‘Can I change my child’s surname?’ is the most asked question Maddison Jago hears in family law disputes.
The Creevey Russell lawyer said that the surnames of children were often in contention between the parents in dispute before the courts. There is no specific provision in the Commonwealth Family Law Act 1975 in relation to changing a child’s name, she said, but the courts can order a child to be known by a particular name.
Ms Jago added that the courts will consider the short and long-term effects of any change in the child’s surname.
“In determining whether they should make an order, the court must give paramount consideration to the best interests of the child, in the specific circumstances of the individual case,” she said.
Embarrassment is one of the factors that the court will take into account when considering the best interests of the child, Ms Jago said.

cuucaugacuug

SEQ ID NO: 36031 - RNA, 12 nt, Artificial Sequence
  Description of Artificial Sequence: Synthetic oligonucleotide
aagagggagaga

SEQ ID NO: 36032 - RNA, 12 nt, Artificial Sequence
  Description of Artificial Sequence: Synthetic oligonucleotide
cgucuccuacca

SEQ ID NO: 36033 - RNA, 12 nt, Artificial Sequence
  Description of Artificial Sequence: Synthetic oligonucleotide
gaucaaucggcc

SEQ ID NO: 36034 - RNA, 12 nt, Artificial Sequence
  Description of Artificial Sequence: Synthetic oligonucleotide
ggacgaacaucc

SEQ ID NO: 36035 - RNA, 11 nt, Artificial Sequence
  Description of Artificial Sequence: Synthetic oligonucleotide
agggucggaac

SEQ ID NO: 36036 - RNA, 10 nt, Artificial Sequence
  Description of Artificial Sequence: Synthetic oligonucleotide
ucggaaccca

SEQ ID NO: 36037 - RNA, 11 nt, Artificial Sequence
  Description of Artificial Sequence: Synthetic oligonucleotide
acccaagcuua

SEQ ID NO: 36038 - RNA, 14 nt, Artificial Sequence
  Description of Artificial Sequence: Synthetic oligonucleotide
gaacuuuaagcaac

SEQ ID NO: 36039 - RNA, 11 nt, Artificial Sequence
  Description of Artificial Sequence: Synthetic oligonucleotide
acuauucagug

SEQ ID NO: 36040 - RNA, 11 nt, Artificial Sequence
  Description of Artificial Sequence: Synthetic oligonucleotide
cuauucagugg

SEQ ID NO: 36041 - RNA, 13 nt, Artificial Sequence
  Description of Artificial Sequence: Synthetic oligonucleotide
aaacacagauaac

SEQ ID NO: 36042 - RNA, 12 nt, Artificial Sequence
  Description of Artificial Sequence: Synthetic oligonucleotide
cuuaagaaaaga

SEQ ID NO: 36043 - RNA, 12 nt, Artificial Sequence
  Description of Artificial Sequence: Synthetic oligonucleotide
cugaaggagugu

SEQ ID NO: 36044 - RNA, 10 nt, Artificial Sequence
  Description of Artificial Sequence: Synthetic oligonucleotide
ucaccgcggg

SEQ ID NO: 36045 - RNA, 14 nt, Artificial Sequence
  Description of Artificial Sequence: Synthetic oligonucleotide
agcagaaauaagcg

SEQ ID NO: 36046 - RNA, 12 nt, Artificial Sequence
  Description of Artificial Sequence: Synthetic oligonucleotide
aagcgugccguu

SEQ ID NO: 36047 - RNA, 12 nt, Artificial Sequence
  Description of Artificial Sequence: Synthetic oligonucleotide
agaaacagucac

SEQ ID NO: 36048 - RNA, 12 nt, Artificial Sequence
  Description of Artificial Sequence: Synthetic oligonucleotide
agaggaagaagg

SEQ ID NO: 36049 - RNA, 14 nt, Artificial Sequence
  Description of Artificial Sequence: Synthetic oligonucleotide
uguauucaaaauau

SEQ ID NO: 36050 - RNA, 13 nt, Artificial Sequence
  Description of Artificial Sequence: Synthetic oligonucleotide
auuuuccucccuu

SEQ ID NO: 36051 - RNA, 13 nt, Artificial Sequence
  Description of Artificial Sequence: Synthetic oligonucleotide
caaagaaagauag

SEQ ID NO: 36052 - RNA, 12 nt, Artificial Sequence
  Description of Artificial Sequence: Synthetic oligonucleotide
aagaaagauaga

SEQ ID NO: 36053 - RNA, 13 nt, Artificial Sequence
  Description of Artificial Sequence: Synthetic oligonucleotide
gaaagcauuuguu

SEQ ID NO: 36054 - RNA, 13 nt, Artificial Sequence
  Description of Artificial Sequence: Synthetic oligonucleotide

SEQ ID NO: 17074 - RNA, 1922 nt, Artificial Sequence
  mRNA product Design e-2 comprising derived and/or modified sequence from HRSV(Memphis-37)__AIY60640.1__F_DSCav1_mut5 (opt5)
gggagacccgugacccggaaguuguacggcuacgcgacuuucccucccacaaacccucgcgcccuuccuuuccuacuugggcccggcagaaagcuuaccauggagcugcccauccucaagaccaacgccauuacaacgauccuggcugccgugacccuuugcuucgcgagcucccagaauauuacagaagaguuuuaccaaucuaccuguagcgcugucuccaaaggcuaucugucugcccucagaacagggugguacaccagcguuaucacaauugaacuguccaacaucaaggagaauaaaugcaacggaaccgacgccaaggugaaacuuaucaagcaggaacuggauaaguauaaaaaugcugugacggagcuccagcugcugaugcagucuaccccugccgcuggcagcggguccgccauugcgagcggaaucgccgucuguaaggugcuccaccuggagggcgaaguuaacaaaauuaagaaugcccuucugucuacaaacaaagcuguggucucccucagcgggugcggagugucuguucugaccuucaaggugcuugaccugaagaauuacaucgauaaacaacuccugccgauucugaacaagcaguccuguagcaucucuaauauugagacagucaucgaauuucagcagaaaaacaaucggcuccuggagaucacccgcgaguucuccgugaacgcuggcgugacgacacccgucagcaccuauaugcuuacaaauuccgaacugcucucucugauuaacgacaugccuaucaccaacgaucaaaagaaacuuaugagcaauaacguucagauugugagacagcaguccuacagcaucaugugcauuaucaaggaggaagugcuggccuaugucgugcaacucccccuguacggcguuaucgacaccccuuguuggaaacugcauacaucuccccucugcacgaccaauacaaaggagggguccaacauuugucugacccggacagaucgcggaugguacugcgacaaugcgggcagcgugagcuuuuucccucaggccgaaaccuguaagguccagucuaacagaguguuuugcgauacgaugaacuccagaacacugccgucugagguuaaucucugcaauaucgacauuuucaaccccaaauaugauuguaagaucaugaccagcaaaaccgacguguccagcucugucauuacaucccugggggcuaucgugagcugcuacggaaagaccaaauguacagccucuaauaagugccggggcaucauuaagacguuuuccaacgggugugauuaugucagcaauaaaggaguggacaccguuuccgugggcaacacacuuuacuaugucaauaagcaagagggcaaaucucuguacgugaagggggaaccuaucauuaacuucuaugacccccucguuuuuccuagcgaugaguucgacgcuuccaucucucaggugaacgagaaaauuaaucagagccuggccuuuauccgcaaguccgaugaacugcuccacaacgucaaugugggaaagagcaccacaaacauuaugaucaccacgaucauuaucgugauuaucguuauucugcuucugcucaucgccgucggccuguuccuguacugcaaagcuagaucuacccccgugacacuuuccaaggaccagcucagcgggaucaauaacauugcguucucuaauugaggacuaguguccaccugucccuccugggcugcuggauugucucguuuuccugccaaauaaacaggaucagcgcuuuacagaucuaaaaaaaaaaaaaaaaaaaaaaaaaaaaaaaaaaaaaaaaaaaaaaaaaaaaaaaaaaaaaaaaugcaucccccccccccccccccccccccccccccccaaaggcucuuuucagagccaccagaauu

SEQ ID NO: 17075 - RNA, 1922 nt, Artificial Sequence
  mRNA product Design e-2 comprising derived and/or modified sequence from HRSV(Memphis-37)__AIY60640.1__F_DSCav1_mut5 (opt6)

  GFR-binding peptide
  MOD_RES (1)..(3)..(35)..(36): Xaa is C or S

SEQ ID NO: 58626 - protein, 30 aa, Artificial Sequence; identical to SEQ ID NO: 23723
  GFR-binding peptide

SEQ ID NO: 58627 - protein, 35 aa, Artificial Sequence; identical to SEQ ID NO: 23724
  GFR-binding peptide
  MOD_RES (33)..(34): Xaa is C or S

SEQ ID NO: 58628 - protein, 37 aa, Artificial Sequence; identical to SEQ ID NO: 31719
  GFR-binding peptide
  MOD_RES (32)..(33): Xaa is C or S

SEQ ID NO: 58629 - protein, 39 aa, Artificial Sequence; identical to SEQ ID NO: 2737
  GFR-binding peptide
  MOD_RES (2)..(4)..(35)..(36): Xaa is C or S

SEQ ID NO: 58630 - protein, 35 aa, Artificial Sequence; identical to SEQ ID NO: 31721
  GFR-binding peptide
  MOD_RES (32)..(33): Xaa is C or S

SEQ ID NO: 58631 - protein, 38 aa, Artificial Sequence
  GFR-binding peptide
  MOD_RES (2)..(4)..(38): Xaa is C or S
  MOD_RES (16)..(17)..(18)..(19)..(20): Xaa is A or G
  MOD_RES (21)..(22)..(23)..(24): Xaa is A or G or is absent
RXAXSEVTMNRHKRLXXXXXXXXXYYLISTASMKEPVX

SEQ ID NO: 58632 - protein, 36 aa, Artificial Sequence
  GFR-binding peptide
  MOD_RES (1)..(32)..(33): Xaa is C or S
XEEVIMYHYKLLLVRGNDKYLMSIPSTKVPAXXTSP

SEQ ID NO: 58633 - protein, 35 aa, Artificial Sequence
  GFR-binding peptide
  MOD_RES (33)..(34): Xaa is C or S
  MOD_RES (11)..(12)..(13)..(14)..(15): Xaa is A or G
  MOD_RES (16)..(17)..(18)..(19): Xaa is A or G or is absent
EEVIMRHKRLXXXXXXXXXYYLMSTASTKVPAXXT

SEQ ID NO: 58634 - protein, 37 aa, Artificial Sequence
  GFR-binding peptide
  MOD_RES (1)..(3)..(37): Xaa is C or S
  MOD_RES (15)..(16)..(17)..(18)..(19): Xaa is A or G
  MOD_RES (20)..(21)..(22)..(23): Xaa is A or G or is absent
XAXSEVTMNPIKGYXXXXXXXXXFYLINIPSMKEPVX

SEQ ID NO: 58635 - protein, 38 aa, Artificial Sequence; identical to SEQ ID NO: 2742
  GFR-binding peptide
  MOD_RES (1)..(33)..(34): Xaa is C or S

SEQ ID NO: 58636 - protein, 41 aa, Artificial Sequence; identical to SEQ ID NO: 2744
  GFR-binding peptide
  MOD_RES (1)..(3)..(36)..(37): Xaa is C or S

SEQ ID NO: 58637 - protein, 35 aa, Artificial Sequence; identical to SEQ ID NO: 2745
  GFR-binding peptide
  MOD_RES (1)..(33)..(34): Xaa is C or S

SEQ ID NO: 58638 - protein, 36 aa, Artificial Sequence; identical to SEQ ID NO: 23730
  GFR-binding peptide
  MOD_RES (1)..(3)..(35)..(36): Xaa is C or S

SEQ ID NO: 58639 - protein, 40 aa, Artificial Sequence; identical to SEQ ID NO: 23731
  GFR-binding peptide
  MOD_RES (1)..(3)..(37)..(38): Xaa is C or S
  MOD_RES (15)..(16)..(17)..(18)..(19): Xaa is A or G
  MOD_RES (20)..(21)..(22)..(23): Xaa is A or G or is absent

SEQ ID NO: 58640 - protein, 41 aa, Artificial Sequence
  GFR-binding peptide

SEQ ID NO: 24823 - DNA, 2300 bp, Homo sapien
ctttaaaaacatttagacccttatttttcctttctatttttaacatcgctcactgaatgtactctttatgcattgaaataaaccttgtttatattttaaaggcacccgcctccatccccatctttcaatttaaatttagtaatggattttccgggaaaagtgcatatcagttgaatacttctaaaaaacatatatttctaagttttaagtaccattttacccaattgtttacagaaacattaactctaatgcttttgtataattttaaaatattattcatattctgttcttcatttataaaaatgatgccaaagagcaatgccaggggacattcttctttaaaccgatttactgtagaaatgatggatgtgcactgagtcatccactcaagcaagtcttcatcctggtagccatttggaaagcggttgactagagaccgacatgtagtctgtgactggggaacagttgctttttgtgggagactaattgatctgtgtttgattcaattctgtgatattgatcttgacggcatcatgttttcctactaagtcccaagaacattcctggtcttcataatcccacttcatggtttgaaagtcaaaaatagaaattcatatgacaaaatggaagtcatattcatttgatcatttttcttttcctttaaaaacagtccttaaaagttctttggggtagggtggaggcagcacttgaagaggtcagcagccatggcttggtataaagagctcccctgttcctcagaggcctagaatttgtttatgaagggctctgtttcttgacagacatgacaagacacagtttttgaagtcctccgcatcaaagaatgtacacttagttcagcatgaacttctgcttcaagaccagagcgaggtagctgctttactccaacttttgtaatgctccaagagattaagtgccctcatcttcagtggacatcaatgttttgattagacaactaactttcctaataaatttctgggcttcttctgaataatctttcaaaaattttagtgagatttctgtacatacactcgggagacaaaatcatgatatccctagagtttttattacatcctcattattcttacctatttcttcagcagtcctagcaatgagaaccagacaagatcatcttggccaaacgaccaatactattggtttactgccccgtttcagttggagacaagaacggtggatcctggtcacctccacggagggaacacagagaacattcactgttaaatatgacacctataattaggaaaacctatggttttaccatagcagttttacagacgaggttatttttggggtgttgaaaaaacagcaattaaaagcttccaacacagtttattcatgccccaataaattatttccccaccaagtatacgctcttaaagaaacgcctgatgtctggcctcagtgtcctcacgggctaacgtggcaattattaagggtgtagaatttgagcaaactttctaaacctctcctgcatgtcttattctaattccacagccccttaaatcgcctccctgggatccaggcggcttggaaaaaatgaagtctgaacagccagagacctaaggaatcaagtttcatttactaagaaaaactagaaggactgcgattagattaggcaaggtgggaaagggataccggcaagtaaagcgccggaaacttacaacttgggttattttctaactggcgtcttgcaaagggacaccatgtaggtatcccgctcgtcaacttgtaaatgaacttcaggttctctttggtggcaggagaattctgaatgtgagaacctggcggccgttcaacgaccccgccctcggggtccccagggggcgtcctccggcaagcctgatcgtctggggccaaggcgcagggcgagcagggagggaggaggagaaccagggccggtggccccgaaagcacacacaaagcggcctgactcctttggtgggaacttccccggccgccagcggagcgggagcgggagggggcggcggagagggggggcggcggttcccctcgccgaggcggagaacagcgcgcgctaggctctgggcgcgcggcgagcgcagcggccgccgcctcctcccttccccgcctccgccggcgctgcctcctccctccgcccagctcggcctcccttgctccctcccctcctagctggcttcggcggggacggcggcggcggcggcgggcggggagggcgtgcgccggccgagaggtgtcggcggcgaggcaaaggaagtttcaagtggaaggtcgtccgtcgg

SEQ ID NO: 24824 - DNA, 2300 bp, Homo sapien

“Also determined is the effect which any change in surname may have on the relationship between the child and the parent; and the effect of frequent or random changes of name.”
“The court will also examine whether any confusion of identity which may arise for the child if his or her name is changed or not changed,” she said.
Ms Jago noted that the Family Court does not have the power to make an order to direct the Registry of Births, Deaths and Marriages to change the child’s name on the birth register (in each state/territory).
“As they are not a party to the family law proceedings, the [Registry] of Births, Deaths and Marriages cannot be bound by any court order,” Ms Jago said.